Outer Harbour breakwater work

A PROJECT to modify the mouth of the Outer Harbour in a bid to solve a swell problem affecting small vessels is beginning to take shape.

Evidence of the decision to narrow the mouth from 200 metres to 150 metres can be seen at the harbour entrance where circular cassions are being constructed.

The work involves extending the breakwater arms, which will be densified and heightened with extra rock.

At the same time, work is ongoing to replace hard rubber cone fenders designed for bigger ships with Yokohama airbag fenders.

The project first began in July, with Eastport expecting to finish the work by late October.

Critics have blamed EastPort for the ongoing swell problem – which has prompted criticism from a ship’s captain and led to one vessel leaving port early – because it made design changes to the original plan.

However, EastPort chief executive Eddie Freeman said the main issue was that more smaller vessels were using the harbour than had been originally envisaged.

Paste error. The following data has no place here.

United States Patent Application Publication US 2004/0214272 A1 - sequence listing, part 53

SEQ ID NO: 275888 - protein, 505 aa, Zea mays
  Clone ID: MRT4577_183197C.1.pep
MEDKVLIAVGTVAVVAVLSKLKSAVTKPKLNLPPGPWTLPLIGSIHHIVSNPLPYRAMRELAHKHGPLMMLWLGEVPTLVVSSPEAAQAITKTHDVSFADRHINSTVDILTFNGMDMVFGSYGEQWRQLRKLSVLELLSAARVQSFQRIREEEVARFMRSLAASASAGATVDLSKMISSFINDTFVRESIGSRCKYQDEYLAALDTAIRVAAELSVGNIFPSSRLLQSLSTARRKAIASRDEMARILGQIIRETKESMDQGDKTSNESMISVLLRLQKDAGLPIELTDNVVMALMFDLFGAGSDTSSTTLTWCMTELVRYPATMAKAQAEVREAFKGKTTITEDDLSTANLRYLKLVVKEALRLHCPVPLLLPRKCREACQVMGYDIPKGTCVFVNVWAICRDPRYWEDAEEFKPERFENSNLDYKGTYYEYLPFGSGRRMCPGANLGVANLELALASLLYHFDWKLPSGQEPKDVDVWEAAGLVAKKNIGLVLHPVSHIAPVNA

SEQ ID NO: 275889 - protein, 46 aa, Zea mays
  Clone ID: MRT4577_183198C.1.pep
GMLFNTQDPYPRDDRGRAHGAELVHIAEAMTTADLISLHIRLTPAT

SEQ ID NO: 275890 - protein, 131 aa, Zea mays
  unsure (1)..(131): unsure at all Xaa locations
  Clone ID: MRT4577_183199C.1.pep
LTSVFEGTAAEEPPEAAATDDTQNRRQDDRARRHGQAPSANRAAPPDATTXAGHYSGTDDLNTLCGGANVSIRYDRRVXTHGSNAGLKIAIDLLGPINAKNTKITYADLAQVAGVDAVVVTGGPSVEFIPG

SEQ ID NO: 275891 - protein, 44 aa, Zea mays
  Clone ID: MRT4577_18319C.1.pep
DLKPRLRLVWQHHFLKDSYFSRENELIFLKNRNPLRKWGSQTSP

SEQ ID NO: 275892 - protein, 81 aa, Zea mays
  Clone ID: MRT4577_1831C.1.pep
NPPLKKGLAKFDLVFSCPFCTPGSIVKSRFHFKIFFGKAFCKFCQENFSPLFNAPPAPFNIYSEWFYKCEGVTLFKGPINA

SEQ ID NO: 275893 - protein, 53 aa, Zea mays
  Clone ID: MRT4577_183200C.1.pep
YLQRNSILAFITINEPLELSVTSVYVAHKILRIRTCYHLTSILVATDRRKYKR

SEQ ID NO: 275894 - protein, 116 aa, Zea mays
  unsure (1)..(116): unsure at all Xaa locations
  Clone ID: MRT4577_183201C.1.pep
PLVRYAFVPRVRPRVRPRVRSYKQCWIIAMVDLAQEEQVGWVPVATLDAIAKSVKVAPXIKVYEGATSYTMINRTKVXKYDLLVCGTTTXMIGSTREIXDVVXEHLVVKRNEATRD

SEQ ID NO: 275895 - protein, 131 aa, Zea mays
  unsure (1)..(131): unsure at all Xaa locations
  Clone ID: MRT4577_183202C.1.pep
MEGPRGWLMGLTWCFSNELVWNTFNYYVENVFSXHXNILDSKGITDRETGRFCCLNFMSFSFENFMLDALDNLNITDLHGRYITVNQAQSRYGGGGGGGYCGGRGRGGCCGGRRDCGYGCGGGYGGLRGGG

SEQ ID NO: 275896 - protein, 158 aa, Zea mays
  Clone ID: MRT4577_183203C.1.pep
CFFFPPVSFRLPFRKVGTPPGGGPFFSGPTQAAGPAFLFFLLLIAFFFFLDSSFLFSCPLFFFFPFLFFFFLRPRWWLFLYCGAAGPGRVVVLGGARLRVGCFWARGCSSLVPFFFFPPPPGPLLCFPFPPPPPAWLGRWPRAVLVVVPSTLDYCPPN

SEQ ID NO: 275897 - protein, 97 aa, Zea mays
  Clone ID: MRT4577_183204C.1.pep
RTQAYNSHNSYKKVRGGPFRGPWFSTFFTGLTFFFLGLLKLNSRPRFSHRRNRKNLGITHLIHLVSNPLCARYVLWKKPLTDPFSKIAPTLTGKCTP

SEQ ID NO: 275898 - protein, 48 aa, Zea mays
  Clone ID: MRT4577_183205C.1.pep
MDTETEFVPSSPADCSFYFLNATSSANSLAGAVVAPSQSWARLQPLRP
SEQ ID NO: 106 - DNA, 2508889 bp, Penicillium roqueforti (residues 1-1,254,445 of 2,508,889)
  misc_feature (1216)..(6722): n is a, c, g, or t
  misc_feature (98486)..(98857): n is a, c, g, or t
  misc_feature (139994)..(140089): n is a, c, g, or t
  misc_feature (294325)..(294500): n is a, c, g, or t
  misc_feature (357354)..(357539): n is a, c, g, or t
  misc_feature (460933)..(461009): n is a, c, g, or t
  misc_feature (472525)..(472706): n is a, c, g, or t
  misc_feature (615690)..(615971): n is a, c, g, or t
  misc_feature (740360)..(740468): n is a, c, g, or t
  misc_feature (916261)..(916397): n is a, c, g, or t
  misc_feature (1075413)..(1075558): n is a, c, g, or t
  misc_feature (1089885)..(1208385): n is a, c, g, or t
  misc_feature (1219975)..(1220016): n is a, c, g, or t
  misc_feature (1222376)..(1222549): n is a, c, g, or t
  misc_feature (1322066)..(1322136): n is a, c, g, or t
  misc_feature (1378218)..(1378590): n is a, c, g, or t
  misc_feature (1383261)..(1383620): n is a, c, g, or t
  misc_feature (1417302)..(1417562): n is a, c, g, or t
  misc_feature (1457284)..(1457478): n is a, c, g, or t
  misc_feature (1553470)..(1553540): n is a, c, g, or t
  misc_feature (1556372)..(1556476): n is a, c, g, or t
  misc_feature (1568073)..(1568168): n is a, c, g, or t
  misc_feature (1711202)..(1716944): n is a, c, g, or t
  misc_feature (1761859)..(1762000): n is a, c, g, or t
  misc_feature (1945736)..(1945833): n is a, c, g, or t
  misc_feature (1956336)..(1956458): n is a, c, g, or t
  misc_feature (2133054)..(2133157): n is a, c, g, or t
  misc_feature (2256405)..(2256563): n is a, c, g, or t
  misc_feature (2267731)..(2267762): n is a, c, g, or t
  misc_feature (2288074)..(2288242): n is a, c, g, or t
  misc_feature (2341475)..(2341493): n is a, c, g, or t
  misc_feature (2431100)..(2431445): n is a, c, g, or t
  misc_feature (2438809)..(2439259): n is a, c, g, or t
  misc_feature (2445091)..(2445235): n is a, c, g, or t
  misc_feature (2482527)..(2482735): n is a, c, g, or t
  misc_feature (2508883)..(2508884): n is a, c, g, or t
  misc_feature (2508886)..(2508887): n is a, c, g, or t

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He said: “The company has decided to narrow the gap between the mouth of the Outer Harbour, taking it down to 150 metres.

“What we have seen is that some of the smaller vessels have been getting discomfort from swell, so we have decided to change some of the fenders and narrow the heads in order to lessen the affects on these vessels.”

Mr Freeman said they were not closing out any type of business by narrowing the harbour entrance – simulations involving the pilots had been very positive, and confirmed that even the largest roll-on roll-off ferries could be accommodated.

Mr Freeman confirmed that the work was costing Eastport a significant sum of money.